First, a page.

Haiku: Moon Owl

Every so often I need to dust off my mostly unused poetry brain cells (Creative Writing Minor) and I’m reminded of how much I loved writing haikus.

moonowlhaikuMoon Owl

Midnight sky, stars float
Inky black trees, silhouette
Owl hoots announce: moon

by me, Princess Rosebud
Enchanted Seashells
October 2015

Photo taken along California’s Central Coast

[Lavender Haiku] #Poetry #Photo #Wordless Wednesday

garden lavender

Photo credit: Enchanted Seashells, Confessions of a Tugboat Captain’s Wife

Late afternoon sun
Perfuming a slight warm breeze
Lavender grows here

 By Princess Rosebud

HellFire…Haiku For You

 HellFire

Scorching smoldering
Hot dry smoky swirly winds
SoCal inferno

carlsbad fire Photos taken yesterday from our upstairs window.carlsbadfire2Poem and photos…
Copyright 2014 Princess Rosebud, Enchanted Seashells, Confessions of a Tugboat Captain’s Wife

 

 

Obsession Confession: Paper Parasol Passion

umbrellapoem

I’ve always loved paper cocktail umbrellas.

Exotic and topical in vibrant pink and lime green and turquoise and orange, serving no real purpose other than adorning a beverage, but they make everything seem a little more glamorous, a little more special.

Edit: A huge thank you to Sunshine and Celadines sunshineandcelandines.wordpress.com for the use of the word tropical to describe these little twirly parasols; my brain failed me!

Umbrella Collage

When I was a little girl, my mom would always bring home the colorful little parasols whenever she and my dad went out in the evening.

They shaded Barbie from the summer sun or became part of a beach scene in my dollhouse.

I saved them all until the paper tore or the toothpicks broke.

I have fond memories of my first pretend cocktail, the delicious Shirley Temple, adorned with an alluring paper parasol and a maraschino cherry.

Twenty years ago, I was my own wedding coordinator.

I bought a package of five hundred paper cocktail umbrellas that’ll probably last forever.

You can be sure that if you visit Casa de Enchanted Seashells, your cocktail will be embellished with one!

Mermaids and a clown…

Some of my crazy scenes captured by a camera.

I confess that I spent way too much of the day arranging these umbrellas in all kinds of poses for a photo shoot.

WAY too much time but SO much fun.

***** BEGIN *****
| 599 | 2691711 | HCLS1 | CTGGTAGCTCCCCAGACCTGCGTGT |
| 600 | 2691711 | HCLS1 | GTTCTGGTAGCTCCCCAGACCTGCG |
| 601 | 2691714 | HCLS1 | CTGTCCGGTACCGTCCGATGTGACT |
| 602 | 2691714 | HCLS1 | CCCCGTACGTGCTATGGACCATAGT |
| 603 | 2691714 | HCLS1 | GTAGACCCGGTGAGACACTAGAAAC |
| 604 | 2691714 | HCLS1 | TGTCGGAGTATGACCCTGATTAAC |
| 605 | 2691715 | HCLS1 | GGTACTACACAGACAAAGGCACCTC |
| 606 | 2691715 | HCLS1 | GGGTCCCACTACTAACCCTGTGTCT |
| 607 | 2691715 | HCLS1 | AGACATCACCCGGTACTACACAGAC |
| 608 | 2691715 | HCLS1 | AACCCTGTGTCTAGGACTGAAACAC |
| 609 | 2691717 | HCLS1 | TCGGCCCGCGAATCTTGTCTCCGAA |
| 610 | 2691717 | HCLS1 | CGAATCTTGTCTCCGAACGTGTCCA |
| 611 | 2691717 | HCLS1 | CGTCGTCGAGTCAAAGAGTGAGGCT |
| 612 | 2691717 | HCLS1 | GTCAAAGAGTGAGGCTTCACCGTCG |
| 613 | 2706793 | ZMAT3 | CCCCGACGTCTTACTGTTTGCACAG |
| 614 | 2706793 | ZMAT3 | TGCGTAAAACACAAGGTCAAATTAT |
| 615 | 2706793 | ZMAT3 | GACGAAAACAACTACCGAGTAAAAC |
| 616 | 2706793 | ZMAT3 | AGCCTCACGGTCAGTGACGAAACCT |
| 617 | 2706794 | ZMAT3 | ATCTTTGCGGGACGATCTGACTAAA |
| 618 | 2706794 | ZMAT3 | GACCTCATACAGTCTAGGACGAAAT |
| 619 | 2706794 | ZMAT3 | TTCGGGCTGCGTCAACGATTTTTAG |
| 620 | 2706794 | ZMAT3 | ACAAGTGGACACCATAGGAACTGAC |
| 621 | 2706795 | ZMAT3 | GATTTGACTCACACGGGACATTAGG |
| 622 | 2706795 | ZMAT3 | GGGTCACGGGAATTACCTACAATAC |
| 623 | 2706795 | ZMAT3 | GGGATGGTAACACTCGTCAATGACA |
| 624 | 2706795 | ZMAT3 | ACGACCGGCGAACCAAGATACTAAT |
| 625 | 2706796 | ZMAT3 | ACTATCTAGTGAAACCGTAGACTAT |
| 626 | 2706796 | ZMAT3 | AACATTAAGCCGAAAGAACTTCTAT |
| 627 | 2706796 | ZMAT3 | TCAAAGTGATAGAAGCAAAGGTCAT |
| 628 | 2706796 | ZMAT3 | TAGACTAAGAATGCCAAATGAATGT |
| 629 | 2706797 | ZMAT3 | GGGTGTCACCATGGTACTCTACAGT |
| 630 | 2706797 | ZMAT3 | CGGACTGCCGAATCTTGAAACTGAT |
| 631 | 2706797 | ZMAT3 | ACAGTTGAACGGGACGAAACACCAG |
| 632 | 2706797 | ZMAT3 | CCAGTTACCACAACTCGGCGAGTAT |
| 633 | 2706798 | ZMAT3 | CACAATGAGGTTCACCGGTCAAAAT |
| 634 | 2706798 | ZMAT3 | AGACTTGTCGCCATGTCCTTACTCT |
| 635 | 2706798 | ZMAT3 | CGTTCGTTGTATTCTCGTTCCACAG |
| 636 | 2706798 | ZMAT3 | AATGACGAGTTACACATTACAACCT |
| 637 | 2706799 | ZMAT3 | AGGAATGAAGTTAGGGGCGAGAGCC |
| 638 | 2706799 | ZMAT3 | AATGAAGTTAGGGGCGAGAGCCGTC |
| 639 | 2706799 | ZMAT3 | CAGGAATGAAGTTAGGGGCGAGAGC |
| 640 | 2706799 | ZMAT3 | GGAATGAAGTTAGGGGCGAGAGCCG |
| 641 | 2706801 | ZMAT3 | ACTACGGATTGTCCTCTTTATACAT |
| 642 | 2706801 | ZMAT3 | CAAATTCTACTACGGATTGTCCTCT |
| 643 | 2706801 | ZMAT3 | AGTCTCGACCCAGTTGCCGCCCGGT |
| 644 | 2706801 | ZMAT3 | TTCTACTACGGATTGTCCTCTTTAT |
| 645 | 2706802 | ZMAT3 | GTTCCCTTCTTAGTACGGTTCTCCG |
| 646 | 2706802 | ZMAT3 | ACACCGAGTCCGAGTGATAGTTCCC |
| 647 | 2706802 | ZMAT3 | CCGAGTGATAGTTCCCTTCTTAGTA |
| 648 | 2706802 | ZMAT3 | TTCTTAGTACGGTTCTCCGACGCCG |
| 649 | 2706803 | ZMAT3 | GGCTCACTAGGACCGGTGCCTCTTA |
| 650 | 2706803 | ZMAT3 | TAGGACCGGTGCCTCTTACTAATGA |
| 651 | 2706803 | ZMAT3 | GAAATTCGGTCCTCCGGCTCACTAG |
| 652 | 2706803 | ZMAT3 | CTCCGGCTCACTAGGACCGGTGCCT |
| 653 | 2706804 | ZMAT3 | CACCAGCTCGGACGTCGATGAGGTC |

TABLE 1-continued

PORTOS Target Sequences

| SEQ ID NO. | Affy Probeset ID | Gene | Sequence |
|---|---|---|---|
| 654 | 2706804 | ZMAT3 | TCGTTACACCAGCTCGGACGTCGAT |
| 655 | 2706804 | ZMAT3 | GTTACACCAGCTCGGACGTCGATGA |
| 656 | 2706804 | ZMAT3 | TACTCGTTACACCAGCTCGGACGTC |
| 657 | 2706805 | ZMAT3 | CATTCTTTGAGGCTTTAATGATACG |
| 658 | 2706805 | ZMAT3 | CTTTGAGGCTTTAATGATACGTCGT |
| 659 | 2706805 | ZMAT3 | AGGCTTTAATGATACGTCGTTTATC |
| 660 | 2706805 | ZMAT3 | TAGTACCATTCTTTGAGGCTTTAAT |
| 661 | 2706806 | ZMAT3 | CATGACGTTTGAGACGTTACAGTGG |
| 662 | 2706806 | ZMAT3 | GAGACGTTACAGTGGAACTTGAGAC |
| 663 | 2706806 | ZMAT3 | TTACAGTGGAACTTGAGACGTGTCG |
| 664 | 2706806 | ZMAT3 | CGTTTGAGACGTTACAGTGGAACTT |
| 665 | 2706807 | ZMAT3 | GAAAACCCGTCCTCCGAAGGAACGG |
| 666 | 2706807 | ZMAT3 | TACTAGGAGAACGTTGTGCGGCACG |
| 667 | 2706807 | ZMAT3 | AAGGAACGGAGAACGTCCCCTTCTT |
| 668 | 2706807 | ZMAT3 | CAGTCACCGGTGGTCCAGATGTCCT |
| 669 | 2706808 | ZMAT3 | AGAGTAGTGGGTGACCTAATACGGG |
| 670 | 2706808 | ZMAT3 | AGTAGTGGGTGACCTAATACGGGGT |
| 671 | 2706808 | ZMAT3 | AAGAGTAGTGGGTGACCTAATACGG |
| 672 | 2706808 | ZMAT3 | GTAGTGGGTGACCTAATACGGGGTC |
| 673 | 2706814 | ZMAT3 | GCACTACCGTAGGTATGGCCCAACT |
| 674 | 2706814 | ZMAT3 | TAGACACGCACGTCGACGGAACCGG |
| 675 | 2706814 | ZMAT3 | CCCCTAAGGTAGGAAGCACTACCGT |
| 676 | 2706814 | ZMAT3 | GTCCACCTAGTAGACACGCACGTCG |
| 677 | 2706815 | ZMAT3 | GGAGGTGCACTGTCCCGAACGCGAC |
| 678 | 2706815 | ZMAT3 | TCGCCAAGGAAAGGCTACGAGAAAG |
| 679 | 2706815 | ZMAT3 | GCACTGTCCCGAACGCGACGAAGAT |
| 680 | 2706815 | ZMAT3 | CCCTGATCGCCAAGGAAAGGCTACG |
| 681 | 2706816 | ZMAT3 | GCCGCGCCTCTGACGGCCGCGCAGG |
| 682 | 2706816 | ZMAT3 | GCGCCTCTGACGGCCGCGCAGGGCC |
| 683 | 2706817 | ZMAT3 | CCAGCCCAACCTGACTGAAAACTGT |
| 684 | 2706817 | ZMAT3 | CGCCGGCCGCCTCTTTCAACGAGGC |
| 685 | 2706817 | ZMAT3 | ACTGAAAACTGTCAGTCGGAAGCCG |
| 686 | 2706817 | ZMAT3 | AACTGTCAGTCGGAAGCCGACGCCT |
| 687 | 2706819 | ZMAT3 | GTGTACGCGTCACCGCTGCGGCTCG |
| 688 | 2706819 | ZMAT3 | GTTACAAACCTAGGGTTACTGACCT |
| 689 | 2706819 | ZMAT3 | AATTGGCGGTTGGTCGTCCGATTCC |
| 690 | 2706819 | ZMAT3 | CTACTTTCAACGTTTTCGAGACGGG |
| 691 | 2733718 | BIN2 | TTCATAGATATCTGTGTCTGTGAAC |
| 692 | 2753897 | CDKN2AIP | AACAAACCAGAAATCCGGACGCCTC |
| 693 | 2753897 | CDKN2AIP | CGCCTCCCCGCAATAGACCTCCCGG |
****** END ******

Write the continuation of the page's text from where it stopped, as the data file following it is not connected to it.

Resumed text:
Mermaid holding parasol

mermaidumbrella

Shy mermaid

Umbrellashy

Umbrelladisplay

Crazy hallucinogenic clown shaded by an umbrella
‘cos the sun hurts his eyes ‘cos his pupils are all dilated and stuff…
umbrellaclown

Lady with a parasolumbellalady

History of the cocktail umbrella:
The cocktail umbrella is believed to have arrived on the bar scene as early as 1932 courtesy of Victor Bergeron of Trader Vic‘s in San Francisco although it is, by Vic’s own admission, a presentation picked up from Don the Beachcomber (now closed). Upon introduction, umbrellas were considered very exotic as were most things from the Pacific Rim. From Wikipedia, the free encyclopedia

The Boy Who Is My Heart. So Much Depends On A Yellow Steamroller

Update: This poem was recently published in Waterways: Poetry in the Mainstream Volume 34 #4 

The Yellow Steamroller

So much depends
upon

a yellow
steamroller

buried
in the dirt
 
behind the shed
On a bitterly cold afternoon, my tugboat man and I embarked on our annual yard cleanup project. I raked all the pine needles shaken loose during the fury of Alaska-borne winds that roared down the coast to Southern California while he trimmed the eucalyptus and mulberry trees.
Metal rake clanged against metal.
I saw bright yellow igniting the dirt and pine needles suffused it with a gleaming radiance through the brown. steamroller1
I threw down the rake, crouched on all fours, and with bare fingers dug through the wet fecund soil to uncover an abandoned yellow Matchbox toy from the spot where there once was a sandbox that my son’s dad  built for him when we first moved to this house in 1985.
I discover in situ a three-inch wide artifact imbued with all the wonder of my perfect child. 
I gently brushed away twenty-five years of encrusted soil and sand.steamroller2
sandboxI was engulfed in a wave of memory. I was there. I saw him–my four-year-old son in this beautiful huge sandbox filled with fresh, clean sand.  I saw him as I often watched him from the bay window in the kitchen overlooking the backyard where I would wash dishes and keep an eye on him, keeping him safe–always keeping him safe–as he played in the sand with his dump trucks and cherry pickers and this steam roller and his buckets and plastic cups and forks and sticks with his cats and dog always near, and the loveliness of the memory set me on my heels and I cried.